Stress by itself isn’t the only reason two cats shouldn’t share a single litter box. While stress may be the first reaction, many cats who are anxious about their litter box situation may avoid going until they can’t wait any longer. This might come from the fear of an ambush, but it might also happen if you’re not able to clean the litter box as often as you should with two felines.
Cats who wait to pee because they don’t want to use the litter box you’ve set out for them may be more susceptible to bladder problems. Feline Lower Urinary Tract Disease (known as FLUTD) is a large term for many bladder disorders that can occur in cats. Several of these conditions are thought to be caused by stress and any kind of bladder inflammation in cats can make peeing uncomfortable and difficult, which will continue a cycle of stress and urination problems.
Providing two cats with more than a single litter box should reduce the chance that your cat will “hold it” for too long and cause a bladder condition. While treatable, preventing health problems related to poor litter box conditions is really the best move in the long run.
What Is an Ideal Litter Box Situation for Two Cats?
Now, you might be thinking that giving each cat their own litter box is the best option. While this is better, it’s still not the perfect situation.
A good rule of thumb is the One Plus One rule, which we’ve written about before. The rule states that you should have one litter box per cat, plus one more. For a household with two cats, this means that you should have a total of three litter boxes to satisfy their needs.
However, you shouldn’t just group multiple litter boxes in one location and call it a day.
While putting litter boxes beside each other may seem like an easy way to follow the One Plus One rule and save a bit of space, most cats will consider the grouped boxes part of the same territory.
Even though you see two or three, your cat will recognize them as one big litter box. Placing each litter box in its own location allows for both cats to use the toilet in an area of their choice. This should prevent your cats from “holding it”, eliminating in the wrong places, or ambushing each other.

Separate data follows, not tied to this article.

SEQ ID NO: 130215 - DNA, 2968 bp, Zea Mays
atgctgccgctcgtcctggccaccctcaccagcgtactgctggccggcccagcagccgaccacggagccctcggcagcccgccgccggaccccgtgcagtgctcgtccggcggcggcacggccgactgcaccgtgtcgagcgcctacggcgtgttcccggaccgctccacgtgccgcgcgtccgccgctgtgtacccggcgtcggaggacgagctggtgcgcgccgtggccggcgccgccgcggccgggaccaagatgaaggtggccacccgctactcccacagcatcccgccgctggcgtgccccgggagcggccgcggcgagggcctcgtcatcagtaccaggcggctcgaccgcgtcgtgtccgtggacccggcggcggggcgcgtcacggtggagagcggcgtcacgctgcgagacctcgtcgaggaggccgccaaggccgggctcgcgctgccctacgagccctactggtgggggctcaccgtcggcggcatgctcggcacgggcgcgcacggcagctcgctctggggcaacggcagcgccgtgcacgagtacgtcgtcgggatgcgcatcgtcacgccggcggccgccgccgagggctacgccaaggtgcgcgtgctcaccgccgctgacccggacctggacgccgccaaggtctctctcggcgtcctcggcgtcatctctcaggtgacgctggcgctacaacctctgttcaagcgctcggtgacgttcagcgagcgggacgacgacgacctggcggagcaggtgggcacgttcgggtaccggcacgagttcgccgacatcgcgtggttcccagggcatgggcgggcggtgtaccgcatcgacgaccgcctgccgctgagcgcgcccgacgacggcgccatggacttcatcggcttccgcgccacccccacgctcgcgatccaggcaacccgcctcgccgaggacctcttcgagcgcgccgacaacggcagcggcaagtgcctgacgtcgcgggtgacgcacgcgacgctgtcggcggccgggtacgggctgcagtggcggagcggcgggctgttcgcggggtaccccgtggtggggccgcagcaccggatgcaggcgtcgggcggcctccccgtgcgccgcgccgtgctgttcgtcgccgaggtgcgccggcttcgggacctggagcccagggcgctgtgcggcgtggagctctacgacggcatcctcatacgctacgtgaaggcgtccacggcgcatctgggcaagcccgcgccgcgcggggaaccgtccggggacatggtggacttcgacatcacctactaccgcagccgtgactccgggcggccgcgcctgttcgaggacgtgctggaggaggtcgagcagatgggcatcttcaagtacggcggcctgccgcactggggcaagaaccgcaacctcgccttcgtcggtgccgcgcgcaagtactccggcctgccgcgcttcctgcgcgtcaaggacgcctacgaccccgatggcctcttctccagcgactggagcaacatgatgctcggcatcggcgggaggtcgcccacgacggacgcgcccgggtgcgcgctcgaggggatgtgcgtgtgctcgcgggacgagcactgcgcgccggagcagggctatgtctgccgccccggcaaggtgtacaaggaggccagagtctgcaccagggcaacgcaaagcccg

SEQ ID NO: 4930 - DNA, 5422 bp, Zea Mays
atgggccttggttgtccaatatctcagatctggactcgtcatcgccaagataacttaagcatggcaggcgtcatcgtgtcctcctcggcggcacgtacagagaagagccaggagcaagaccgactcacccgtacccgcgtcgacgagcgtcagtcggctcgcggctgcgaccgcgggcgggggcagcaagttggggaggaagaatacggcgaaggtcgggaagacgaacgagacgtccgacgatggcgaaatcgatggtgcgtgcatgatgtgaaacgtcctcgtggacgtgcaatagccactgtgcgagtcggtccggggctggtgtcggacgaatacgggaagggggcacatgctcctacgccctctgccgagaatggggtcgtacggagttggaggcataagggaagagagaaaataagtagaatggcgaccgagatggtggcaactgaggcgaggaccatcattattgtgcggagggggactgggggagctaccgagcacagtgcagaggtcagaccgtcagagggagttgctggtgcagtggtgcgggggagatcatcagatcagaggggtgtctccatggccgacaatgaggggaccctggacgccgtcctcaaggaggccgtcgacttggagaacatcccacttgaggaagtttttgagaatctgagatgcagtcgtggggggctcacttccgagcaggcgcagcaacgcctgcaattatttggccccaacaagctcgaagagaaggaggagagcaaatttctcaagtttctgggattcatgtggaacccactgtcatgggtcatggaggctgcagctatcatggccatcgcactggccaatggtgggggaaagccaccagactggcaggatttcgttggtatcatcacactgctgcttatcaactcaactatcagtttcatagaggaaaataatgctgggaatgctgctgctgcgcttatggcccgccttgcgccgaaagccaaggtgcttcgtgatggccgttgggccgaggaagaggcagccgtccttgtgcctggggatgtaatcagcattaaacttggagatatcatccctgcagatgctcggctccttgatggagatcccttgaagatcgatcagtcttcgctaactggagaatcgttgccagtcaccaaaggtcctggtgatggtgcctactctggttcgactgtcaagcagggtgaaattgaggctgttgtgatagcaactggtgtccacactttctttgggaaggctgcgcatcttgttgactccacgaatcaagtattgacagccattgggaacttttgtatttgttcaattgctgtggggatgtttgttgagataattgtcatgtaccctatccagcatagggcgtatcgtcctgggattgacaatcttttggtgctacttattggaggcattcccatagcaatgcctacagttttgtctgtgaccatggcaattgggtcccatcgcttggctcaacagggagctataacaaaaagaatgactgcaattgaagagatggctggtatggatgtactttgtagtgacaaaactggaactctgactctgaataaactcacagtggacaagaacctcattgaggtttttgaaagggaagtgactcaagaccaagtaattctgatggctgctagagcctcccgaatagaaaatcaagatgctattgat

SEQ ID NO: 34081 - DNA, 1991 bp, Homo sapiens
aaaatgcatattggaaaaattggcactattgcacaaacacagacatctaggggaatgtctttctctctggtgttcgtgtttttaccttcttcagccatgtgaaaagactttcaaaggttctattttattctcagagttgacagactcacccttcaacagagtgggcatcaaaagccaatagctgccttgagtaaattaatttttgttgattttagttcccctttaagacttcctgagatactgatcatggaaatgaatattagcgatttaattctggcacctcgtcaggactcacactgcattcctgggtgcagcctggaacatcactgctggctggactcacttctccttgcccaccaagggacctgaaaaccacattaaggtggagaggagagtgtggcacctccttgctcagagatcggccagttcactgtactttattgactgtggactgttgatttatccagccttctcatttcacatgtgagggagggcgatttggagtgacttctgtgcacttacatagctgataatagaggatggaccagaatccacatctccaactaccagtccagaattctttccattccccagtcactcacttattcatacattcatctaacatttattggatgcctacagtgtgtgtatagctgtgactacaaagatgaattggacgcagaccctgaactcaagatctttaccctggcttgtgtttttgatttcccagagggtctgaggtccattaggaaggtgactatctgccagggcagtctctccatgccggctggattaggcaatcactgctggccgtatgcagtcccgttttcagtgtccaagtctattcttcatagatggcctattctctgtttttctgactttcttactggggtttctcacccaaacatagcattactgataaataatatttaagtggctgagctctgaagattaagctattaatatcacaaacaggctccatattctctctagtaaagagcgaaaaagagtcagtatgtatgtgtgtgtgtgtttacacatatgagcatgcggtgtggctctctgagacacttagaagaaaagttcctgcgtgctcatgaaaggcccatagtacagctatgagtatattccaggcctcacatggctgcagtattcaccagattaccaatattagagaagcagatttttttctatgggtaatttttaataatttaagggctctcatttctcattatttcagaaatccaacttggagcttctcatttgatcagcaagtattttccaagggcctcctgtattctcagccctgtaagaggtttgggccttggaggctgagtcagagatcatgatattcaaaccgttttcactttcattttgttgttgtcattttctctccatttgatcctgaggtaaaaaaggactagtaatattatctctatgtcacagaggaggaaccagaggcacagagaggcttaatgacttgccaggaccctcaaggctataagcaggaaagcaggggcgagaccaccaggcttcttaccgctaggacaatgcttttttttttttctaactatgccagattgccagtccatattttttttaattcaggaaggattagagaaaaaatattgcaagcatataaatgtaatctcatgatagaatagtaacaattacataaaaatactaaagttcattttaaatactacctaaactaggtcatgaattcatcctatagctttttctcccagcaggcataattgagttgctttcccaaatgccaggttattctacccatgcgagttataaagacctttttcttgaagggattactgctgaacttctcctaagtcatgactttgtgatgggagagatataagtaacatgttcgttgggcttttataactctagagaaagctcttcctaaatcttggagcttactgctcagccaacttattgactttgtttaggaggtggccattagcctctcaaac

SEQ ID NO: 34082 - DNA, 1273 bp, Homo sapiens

You may find that your cats will each choose a preferred litter box when they have several options, but in some households, cats will use whichever is close, available, and safe. Even if another cat has used the box, a cat will be less likely to experience toilet anxiety if it doesn’t have to compete for bathroom time.
What if I Don’t Have Room For More Than One Litter Box?
While it’s important to make sure you can provide a healthy environment for your cats, some situations make having multiple litter boxes difficult or impossible.
Ideally, you should only limit two cats to a single litter box in emergency or temporary situations, but if you do find that a single litter box is your only option for a longer period of time, there are some things you can do to make the litter box cleaner and more appealing.
Use Litter Made for Multiple Cats
Many brands offer multi-cat litter, which is recommended for households with multiple cats. Multi-cat litters are usually clumping litters with odor eliminators, which make cleaning easier and prevent undesirable smells from chasing off you, your cats, and any unsuspecting house guests. Clumping litters are usually best for preventing litter from sticking to the side and other mess-making problems.
Using a multi-cat litter should reduce some of the issues that cause cats to avoid the litter box, and hopefully make the experience much more pleasant. Even if you are able to set up multiple litter boxes, you should still consider multi-cat litter in a household with two or more cats.
It’s worth repeating that cleaning the litter box daily is an essential task for cat owners, but you will likely need to scoop more often if two of your cats share a single litter box. This might seem inconvenient, but even increasing your cleaning schedule to twice a day can make a huge difference in how your cats feel about their only toilet.
Consider making cleaning a part of your morning and bedtime routines. Or, if you are home enough to notice when your cats use the litter box, try to clean it after you see them go or whenever you pass through the room where the litter box lives.
The whole process can be made easier if you keep your scoop, waste bags, and other litter cleaning supplies on a shelf or in an organizer right near the box. Quick cleans will become second-nature, and you won’t have to linger over an extra-full litter box if you never let it get bad in the first place.
Consider a Robotic Litter Box
Another option is to purchase a self-cleaning, or robotic litter box. A robotic litter box takes away a lot of the extra steps involved in cleaning your cats’ litter. While it won’t prevent territorial aggression, a robotic litter box will ensure that your cats have a clean place to do their business and that might be enough to keep them happy and content.
Robotic, automatic, or self-cleaning litter boxes work by sensing when your cat is in the litter box and removing waste after they’ve left.
The waste is usually raked or dropped into a closed waste bin that also reduces the usual odor people (and pets!) dislike about litter boxes. You’ll still need to regularly deep clean your litter box and follow additional guidelines for maintenance, but the daily cleaning will be taken care of.
At the end of the day, even a frequently cleaned litter box can cause added stress, and you can’t be sure that two cats who get along will always be happy to share. Whenever possible, provide enough litter boxes according to the One Plus One rule or take extra care to make a single litter box as suitable as you can.
How many litter boxes do you have in your home? If you have a single litter box for two cats, how do you make it work? We’d love to hear from you!